Soldiers of God: With Islamic Warriors in Pakhistan and Afghanistan, by Robert D. Kaplan. Vintage Books, New York City, 2001. Paper $14.00. Originally published by Houghton Mifflin in 1990.
Reviewed by Maya del Mar
I recommend this book for its keen insights on Afghanistan and its people, as well as its enormous readability. Robert Kaplan is a traveler, a scholar, a journalist, a world affairs expert, and an extraordinarily fine writer. He has published eight books on travel and foreign affairs, which have been translated into many languages. I previously read one of them, Balkan Ghosts, which, like Soldiers of God, shone a great light on place, people, and history.
Robert Kaplan is a correspondent for the Atlantic Monthly. He covered the mujahidin-Russian war during the 1980s, and wrote this book after the Russians retreated from Afghanistan. He traveled with the guerrillas, shared their meager (and terrible) food, and admired their piety and stoicism in the face of terrible hardship. Most of us couldnt imagine living for a day as they did every day, with never a complaint about their living conditions or their injuries.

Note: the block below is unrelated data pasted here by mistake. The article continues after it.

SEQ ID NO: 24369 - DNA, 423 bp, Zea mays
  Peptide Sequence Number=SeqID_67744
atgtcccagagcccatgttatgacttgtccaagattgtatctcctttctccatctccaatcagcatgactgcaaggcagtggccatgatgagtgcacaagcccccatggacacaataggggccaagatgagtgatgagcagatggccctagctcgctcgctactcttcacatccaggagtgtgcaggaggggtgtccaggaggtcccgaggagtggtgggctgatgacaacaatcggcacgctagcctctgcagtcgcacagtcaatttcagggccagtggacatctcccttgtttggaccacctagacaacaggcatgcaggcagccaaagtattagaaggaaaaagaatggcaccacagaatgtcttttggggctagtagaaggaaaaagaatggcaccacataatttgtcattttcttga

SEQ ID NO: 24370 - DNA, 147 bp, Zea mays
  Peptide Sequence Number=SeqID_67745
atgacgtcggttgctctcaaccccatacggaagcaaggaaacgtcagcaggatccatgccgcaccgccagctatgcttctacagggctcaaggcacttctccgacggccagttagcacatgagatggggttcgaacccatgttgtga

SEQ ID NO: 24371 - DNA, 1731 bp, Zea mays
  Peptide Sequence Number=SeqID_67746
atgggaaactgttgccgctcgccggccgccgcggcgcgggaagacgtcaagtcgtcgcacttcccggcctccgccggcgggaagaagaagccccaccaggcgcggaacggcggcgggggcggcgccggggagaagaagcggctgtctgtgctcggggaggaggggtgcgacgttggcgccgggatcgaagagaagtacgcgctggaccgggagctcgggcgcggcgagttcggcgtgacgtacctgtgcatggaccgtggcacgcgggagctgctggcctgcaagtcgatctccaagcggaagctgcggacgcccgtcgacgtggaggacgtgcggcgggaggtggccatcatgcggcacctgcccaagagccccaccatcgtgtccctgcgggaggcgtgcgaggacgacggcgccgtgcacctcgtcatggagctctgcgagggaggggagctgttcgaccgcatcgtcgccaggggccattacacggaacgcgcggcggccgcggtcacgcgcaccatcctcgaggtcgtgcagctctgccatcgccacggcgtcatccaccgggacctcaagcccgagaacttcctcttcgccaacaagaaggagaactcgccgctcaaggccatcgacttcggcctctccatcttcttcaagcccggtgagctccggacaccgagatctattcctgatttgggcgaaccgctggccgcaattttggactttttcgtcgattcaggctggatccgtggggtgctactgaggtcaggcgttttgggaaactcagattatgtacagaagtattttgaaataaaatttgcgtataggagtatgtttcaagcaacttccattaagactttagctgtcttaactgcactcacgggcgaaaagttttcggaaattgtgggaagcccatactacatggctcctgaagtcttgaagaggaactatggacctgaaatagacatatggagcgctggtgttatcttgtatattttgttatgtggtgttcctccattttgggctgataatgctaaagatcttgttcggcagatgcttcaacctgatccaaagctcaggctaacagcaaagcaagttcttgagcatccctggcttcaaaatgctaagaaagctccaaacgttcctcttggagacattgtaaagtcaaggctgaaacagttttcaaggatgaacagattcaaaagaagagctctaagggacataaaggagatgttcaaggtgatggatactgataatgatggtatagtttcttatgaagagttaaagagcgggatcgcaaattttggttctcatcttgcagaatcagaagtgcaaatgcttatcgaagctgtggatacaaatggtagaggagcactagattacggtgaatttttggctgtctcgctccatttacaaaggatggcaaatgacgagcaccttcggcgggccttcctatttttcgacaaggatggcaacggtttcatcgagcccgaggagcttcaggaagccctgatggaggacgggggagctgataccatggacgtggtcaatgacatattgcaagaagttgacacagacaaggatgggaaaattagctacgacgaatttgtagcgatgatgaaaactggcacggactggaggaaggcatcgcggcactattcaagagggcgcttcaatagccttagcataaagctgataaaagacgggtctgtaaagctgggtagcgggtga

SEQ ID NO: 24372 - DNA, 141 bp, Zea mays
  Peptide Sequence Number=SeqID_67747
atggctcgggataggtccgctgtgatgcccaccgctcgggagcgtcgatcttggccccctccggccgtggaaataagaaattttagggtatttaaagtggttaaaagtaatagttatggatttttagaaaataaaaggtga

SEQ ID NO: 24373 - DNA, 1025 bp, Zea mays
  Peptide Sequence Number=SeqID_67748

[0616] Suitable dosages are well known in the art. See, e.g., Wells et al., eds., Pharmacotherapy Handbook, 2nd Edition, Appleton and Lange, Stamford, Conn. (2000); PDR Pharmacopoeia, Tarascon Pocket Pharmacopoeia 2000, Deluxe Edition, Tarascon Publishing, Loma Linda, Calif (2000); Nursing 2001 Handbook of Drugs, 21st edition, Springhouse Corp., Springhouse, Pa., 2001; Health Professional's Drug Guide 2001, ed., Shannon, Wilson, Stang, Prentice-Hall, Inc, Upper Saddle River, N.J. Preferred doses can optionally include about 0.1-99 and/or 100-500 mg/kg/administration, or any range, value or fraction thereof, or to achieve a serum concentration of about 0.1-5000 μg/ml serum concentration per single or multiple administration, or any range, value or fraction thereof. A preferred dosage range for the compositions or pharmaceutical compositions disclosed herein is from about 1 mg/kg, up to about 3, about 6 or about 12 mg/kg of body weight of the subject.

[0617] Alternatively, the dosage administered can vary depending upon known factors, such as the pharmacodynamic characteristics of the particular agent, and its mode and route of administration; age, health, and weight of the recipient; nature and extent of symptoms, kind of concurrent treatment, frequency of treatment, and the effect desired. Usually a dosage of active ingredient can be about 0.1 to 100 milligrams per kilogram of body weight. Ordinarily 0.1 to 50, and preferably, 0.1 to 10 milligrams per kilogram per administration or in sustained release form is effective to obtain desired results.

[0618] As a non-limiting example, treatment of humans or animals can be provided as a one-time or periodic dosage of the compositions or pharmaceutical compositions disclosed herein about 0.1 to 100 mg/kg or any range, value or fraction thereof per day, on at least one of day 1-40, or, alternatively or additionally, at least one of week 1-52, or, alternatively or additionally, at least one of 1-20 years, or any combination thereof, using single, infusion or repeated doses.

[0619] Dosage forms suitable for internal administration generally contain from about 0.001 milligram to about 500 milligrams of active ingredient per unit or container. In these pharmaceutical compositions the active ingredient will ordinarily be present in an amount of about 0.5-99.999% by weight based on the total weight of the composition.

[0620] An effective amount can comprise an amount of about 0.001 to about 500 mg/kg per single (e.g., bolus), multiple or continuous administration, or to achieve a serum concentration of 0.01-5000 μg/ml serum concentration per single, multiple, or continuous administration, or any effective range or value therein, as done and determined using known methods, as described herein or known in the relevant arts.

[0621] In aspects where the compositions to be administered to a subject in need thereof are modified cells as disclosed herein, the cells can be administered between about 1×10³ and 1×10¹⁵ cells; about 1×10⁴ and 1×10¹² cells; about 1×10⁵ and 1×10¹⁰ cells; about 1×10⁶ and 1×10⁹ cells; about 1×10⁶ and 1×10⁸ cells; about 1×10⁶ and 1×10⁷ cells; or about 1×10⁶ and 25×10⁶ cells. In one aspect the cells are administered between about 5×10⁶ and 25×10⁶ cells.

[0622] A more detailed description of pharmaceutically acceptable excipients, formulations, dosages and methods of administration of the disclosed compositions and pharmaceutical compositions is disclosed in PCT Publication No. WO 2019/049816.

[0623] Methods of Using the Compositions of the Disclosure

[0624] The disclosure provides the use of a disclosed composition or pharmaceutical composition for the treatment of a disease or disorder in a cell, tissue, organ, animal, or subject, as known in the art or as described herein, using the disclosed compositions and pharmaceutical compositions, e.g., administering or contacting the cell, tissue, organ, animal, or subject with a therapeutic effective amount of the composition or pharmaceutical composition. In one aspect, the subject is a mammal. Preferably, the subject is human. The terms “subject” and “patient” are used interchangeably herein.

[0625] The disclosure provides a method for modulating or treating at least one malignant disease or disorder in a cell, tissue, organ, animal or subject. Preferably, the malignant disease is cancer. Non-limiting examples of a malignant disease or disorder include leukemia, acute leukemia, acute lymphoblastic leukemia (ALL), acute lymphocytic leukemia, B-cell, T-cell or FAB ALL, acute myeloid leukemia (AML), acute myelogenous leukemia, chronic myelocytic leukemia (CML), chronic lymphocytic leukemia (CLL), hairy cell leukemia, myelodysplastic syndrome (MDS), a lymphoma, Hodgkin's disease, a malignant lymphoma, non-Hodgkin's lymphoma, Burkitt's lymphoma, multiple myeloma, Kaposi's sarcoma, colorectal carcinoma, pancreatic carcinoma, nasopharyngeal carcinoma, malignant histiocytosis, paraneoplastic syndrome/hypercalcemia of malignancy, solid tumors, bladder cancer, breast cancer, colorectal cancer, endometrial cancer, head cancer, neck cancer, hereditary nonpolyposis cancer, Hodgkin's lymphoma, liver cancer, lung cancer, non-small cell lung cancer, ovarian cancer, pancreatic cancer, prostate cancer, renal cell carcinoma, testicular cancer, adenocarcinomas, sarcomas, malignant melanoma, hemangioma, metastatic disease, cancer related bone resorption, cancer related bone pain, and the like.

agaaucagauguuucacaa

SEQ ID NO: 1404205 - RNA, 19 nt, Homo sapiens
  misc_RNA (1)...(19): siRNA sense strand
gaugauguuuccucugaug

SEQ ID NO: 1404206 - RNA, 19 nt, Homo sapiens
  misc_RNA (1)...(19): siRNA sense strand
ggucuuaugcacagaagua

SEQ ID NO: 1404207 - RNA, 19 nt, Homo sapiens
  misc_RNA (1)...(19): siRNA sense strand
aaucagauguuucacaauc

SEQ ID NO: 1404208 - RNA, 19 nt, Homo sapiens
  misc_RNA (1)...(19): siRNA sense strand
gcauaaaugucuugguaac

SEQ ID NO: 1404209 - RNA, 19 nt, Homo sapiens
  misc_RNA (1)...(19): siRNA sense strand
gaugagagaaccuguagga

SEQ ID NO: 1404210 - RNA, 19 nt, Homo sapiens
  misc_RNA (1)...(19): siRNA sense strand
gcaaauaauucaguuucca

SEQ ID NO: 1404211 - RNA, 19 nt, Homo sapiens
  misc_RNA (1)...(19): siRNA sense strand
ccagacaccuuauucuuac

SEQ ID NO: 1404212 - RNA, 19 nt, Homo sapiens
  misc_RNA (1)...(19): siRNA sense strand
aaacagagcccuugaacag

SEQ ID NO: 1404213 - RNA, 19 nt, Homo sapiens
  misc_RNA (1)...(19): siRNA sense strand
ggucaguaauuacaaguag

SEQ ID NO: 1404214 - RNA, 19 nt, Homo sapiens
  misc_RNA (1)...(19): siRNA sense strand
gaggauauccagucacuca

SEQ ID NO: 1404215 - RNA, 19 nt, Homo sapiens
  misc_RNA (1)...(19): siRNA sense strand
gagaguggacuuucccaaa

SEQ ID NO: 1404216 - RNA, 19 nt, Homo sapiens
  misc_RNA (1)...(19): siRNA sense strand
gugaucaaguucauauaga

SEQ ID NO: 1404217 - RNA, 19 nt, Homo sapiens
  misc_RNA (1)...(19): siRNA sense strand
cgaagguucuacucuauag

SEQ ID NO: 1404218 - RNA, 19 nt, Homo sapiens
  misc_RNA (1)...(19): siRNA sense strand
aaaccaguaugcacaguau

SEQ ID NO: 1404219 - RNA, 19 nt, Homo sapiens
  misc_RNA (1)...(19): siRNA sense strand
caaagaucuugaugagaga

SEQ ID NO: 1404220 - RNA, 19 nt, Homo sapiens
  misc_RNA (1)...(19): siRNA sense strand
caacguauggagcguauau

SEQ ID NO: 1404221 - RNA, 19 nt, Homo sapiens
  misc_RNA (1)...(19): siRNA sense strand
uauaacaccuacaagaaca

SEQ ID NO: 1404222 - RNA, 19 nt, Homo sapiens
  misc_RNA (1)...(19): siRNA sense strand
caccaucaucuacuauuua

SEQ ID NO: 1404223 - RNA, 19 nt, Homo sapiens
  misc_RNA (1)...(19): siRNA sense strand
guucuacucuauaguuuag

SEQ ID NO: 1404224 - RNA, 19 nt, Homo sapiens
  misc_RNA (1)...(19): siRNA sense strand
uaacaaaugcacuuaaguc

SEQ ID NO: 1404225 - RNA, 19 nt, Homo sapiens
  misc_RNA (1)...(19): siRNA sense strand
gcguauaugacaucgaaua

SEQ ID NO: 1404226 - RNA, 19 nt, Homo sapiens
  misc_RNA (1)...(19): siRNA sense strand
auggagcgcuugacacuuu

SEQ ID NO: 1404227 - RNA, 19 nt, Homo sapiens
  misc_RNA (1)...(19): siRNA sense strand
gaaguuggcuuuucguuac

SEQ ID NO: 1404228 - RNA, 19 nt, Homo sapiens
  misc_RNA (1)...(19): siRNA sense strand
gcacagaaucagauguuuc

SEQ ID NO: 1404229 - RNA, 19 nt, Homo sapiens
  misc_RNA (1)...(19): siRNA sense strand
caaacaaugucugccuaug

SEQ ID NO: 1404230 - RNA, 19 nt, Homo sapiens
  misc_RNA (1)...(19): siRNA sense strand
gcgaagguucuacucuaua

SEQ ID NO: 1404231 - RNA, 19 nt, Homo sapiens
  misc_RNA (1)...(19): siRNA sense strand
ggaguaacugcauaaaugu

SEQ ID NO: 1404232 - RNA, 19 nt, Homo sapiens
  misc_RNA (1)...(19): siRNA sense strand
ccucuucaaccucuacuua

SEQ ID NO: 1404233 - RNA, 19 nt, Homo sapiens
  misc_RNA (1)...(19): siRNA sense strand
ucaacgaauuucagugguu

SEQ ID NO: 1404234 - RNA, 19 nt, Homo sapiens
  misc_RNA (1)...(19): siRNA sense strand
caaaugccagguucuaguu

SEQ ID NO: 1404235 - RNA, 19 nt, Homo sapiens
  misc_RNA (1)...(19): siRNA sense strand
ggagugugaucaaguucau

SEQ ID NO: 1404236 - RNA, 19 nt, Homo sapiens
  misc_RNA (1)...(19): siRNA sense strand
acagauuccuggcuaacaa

For an understanding of troubled areas, particularly Central Asia and the Middle East, there is no finer source than Robert Kaplan. Robert travels with a knapsack, and his baggage seems to be a notebook, pen, and source books on the history and culture of the area through which hes traveling. He interviews people, sometimes the same person over a period of months or years, and gives us pictures of people and their background and motives. He sets these interviews against a background of descriptions of the countryside, the community, the history, the culture, and the politics of the region.
He is succinct, has an incredible facility with language, and imparts a richness and depth of insight and understanding which is amazing in the space of a short book.
Robert doesnt forget women, but Afghan men pretty much do. His second chapter is called "A World of Men," and details the exclusion of women from much of Afghan society. Sara and I had just seen movies of Gurdjeff in Afghanistan, and Sufis in Afghanistan, and noted there was not a woman to be seen in either one.
I havent finished this book, but I know that the text is followed by an epilogue written recently about Roberts return to the area, and the changes he finds. Roberts travels continually criss-cross these areas, and in his books he often talks about how a particular place or person has changed since he last saw them.
As I move around and hear ignorant comments (which included me before I read this book) on Afghanis and Afghanistan, I wish everyone could get the information, insight, and background which reading Soldiers of God provides.